Last summer, the future looked balmy for Portland company Alta Bicycle Share.
The launch of its New York City system, Citi Bikes, was met with national acclaim—even the naysayers were coming off as benighted cranks. It had contracts to run bike-share programs in nine cities.
And in its hometown, the Portland Bureau of Transportation was planning to ask for city loans to kickstart the service until private sponsorships were secured.
The honeymoon is over.
"The operators of New York's new bike-sharing program are taking the city for a ride," The New York Daily News declared Sunday. (It's worth noting that The Daily News is by far the more bike-friendly of the Big Apple tabloids.)
The Daily News found that Alta, which has asked for more money to expand Citi Bikes, wasn't fulfilling the maintenance and re-stocking obligations in its contract—sometimes leaving bike-rental stations unstocked for three days.
The number of broken docks repaired within 48 hours fell from a lackluster 64% in August to just 50% in January and to 56% in February, even though Alta's six-year contract demands a 99% repair rate, according to monthly reports filed by company with the city's Department of Transportation.
Alta's contract demands 98% of vandalized bikes and docking stations be cleaned within four days. But in January, only 37% of graffiti-marked bikes were cleaned in that time frame, and in February just 8% of the vandalized docking stations were brought up to snuff in a timely fashion, the documents show.
The New York Times weighed in today with a breakdown of how Citi Bikes broke down.
The Alta team, based in Portland, Ore., has at times been frustratingly disengaged, supporters of the program say. Paul Steely White, the executive director of Transportation Alternatives, a rider advocacy group that helped bring bike sharing to New York City, said the company appeared “content just to sort of let the New York system founder.”
And Alta’s local subsidiary, NYC Bicycle Share, has consistently fallen behind on its repairs and maintenance, running afoul of its contract with the city, and struggled to redistribute bikes to empty stations.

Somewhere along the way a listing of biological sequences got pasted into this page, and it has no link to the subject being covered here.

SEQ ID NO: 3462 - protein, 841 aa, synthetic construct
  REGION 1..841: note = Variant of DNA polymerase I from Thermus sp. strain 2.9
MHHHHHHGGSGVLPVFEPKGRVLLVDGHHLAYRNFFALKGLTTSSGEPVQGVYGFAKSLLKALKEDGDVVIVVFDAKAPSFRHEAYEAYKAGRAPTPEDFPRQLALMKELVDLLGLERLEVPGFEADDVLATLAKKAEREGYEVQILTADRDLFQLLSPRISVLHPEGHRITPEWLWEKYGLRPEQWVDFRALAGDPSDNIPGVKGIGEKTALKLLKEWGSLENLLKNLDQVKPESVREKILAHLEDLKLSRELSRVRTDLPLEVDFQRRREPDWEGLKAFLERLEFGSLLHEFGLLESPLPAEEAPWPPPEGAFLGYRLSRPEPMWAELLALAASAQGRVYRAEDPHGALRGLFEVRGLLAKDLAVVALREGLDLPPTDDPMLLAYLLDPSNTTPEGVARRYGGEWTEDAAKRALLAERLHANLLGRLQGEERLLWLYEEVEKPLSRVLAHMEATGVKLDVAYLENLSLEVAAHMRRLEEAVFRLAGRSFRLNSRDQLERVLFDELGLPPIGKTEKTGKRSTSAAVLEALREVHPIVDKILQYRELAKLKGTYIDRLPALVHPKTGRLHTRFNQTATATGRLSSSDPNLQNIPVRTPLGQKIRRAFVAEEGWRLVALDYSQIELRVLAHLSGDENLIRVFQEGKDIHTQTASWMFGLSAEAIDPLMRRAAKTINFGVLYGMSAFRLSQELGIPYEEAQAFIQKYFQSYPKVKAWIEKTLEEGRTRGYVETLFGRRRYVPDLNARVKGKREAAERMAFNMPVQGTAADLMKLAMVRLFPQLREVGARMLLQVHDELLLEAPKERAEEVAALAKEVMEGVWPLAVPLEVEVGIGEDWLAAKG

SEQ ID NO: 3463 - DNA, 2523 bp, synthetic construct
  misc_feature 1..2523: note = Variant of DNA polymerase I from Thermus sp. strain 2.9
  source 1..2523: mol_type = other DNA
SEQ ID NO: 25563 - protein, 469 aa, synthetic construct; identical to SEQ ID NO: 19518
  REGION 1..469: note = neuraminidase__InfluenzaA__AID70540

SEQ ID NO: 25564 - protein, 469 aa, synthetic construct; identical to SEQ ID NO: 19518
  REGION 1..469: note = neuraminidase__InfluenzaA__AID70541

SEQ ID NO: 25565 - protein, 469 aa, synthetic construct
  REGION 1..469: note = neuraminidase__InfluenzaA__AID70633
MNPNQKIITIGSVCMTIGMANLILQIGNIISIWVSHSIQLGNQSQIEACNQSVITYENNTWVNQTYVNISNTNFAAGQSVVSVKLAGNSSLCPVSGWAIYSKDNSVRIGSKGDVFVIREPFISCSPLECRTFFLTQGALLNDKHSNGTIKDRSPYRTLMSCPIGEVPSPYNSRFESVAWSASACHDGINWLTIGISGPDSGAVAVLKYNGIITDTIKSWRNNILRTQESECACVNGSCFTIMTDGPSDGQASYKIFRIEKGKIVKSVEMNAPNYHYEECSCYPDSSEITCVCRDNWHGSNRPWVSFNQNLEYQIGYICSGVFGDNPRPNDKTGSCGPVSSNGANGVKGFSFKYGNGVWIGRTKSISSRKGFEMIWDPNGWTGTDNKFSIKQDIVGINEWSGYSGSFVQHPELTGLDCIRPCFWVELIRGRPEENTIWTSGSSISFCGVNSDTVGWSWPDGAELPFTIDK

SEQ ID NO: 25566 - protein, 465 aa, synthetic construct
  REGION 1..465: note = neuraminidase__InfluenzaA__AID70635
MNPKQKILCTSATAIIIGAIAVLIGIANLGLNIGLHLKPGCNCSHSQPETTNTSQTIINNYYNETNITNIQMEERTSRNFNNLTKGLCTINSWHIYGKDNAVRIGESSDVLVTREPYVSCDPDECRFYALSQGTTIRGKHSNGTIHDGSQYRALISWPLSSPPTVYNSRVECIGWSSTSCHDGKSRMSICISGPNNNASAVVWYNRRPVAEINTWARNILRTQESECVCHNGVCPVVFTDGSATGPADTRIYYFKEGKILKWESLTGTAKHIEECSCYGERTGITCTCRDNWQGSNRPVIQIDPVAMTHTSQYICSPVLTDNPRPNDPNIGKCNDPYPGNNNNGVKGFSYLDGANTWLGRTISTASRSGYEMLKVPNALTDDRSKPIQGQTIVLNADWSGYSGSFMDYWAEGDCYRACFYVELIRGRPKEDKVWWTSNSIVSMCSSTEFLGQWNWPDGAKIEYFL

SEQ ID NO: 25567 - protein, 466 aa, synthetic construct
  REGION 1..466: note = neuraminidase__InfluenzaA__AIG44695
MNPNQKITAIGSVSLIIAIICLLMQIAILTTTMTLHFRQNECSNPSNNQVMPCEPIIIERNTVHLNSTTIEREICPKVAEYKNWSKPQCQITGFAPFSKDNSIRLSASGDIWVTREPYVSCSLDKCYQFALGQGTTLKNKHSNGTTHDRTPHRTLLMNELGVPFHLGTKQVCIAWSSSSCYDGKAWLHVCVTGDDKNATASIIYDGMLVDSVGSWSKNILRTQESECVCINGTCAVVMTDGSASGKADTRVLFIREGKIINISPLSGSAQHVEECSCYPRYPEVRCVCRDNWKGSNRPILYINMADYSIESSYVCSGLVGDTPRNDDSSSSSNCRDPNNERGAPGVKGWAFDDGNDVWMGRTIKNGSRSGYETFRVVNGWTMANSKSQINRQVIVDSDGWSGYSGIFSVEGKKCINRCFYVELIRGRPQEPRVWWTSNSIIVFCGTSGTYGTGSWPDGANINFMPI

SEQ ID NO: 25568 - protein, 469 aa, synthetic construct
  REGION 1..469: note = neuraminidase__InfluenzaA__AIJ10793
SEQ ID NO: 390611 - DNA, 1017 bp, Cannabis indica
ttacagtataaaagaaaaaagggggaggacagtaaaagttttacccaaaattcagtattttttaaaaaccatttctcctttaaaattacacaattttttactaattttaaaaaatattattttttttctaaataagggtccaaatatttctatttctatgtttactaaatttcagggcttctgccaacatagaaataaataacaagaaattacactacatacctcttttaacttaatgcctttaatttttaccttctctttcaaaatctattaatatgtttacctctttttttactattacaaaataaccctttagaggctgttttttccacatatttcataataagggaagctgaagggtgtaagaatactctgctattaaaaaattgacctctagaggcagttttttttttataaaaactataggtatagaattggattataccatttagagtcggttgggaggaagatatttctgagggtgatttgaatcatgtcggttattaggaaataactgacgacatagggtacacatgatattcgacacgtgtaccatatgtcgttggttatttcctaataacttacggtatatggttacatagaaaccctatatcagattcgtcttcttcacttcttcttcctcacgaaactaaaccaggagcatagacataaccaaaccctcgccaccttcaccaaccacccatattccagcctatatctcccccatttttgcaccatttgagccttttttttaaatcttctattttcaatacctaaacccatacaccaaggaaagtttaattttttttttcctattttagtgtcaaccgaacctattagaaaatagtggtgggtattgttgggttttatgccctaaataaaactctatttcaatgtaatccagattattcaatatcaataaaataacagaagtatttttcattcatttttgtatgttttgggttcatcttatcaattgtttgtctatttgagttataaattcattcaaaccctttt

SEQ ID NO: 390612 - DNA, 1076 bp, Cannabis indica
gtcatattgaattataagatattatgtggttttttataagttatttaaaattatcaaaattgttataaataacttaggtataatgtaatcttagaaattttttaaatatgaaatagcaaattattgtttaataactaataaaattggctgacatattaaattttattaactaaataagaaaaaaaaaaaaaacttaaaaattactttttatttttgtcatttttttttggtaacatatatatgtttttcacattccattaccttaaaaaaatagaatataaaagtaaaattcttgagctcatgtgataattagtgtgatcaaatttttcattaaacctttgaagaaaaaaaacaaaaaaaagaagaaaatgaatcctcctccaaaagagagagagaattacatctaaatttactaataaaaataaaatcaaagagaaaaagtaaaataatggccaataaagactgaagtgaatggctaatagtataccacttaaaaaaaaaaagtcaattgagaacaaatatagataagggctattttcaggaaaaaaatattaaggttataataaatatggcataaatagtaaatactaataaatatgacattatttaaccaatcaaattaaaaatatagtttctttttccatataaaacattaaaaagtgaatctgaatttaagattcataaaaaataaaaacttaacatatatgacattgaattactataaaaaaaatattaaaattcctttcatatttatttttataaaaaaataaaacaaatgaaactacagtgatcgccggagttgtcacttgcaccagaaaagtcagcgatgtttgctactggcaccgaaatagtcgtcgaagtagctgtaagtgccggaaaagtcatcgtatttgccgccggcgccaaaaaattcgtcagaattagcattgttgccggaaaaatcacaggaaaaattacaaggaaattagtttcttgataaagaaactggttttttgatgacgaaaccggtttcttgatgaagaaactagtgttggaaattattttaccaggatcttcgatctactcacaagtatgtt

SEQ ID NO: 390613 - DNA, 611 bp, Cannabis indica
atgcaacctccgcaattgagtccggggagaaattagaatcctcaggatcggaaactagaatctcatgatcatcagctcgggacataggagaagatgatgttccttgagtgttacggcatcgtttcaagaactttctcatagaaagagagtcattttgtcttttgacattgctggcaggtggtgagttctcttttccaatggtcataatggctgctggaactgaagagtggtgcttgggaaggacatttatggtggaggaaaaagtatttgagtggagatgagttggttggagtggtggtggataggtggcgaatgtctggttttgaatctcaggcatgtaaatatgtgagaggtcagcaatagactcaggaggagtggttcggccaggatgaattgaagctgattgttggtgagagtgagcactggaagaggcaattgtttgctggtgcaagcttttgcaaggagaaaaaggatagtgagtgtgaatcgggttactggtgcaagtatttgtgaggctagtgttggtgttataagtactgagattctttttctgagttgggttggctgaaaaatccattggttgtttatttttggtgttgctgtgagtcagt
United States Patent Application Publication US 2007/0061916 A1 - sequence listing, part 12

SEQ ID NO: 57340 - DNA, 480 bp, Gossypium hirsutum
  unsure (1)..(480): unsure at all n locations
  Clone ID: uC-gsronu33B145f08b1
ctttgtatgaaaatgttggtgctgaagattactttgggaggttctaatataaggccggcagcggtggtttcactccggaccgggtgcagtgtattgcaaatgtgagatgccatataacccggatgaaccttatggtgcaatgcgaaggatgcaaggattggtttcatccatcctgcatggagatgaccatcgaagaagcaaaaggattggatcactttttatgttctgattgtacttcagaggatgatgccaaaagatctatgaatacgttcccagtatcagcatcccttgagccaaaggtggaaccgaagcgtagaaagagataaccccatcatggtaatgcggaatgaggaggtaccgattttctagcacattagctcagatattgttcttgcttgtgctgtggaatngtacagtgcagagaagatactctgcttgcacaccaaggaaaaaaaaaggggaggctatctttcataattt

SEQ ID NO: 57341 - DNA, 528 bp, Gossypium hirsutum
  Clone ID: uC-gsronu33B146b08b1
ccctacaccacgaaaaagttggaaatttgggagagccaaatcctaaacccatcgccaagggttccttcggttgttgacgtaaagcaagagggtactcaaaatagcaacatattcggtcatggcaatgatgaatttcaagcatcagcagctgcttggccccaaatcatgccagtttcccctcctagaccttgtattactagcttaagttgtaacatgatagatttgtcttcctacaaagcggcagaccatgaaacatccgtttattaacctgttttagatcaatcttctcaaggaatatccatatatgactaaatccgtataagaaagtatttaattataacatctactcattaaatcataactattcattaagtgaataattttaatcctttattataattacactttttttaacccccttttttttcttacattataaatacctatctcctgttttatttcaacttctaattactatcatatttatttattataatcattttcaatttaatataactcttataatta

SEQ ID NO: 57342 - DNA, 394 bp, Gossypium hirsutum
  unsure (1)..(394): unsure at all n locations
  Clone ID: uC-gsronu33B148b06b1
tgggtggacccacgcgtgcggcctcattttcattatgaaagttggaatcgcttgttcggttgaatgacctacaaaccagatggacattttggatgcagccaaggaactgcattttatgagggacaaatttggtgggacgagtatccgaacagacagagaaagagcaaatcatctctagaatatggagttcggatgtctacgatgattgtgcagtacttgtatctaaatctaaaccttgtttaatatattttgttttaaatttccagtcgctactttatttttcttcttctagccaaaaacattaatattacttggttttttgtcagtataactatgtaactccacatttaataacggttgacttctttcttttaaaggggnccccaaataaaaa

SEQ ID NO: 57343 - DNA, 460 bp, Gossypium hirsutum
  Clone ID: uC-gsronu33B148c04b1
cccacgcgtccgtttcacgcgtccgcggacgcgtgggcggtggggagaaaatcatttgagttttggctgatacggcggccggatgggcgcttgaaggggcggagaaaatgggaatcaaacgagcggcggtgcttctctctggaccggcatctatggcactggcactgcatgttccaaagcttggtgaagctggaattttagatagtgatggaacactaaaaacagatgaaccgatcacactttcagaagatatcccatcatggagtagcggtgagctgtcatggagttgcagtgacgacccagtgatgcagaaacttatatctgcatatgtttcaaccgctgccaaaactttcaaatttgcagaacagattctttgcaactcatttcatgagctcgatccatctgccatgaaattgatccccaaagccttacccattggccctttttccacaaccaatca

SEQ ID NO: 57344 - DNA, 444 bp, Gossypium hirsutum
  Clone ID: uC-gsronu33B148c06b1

Yet in many ways, the decision to begin the program last year has proved prescient. The bikes have become ingrained in the city’s transportation network, quickly putting to rest the notions that the system might be too dangerous, or struggle to attract local riders.
Here in Portland, transportation officials have been distancing themselves from their plan, reported by WW last August, of using city money to finance as much as $4.6 million of the start-up costs for Alta's Portland Bike Share.
Officials at Alta haven't yet responded to WW's request for comment. NYC Bicycle Share has issued a statement.
UPDATE, 2:30 pm: City Commissioner Steve Novick, who oversees the Portland Bureau of Transportation, says Alta Bicycle Share has told city officials that snafus in New York City are unlikely to take place in Portland's proposed system.
"I’m also interested in hearing what NYC has to say," Novick tells WW in an email. "By coincidence, Polly Trottenberg, the new head of NYCDOT, is an old acquaintance of mine, and I just heard back from her that she’s happy to schedule a call and talk about lessons learned. So we’re trying to set that up."
UPDATE, 6:15 pm: Mia Birk, the Portland bike planner who is principal at Alta Bicycle Share, tells WW her company has "involved on a daily basis on practically every aspect of the Citi Bike business" in New York City.
"Citi Bike's challenges have in some cases arisen because of its tremendous success," Birk tells WW.
"With over 100,000 annual members—more than 4 times the members of the next biggest bike share system (Chicago’s Divvy), it has been at times challenging to keep up with the system’s usage and demand," she continues. "NYC Bicycle Share and Alta Bicycle Share are working closely with the New York City Department of Transportation to address these issues and improve service."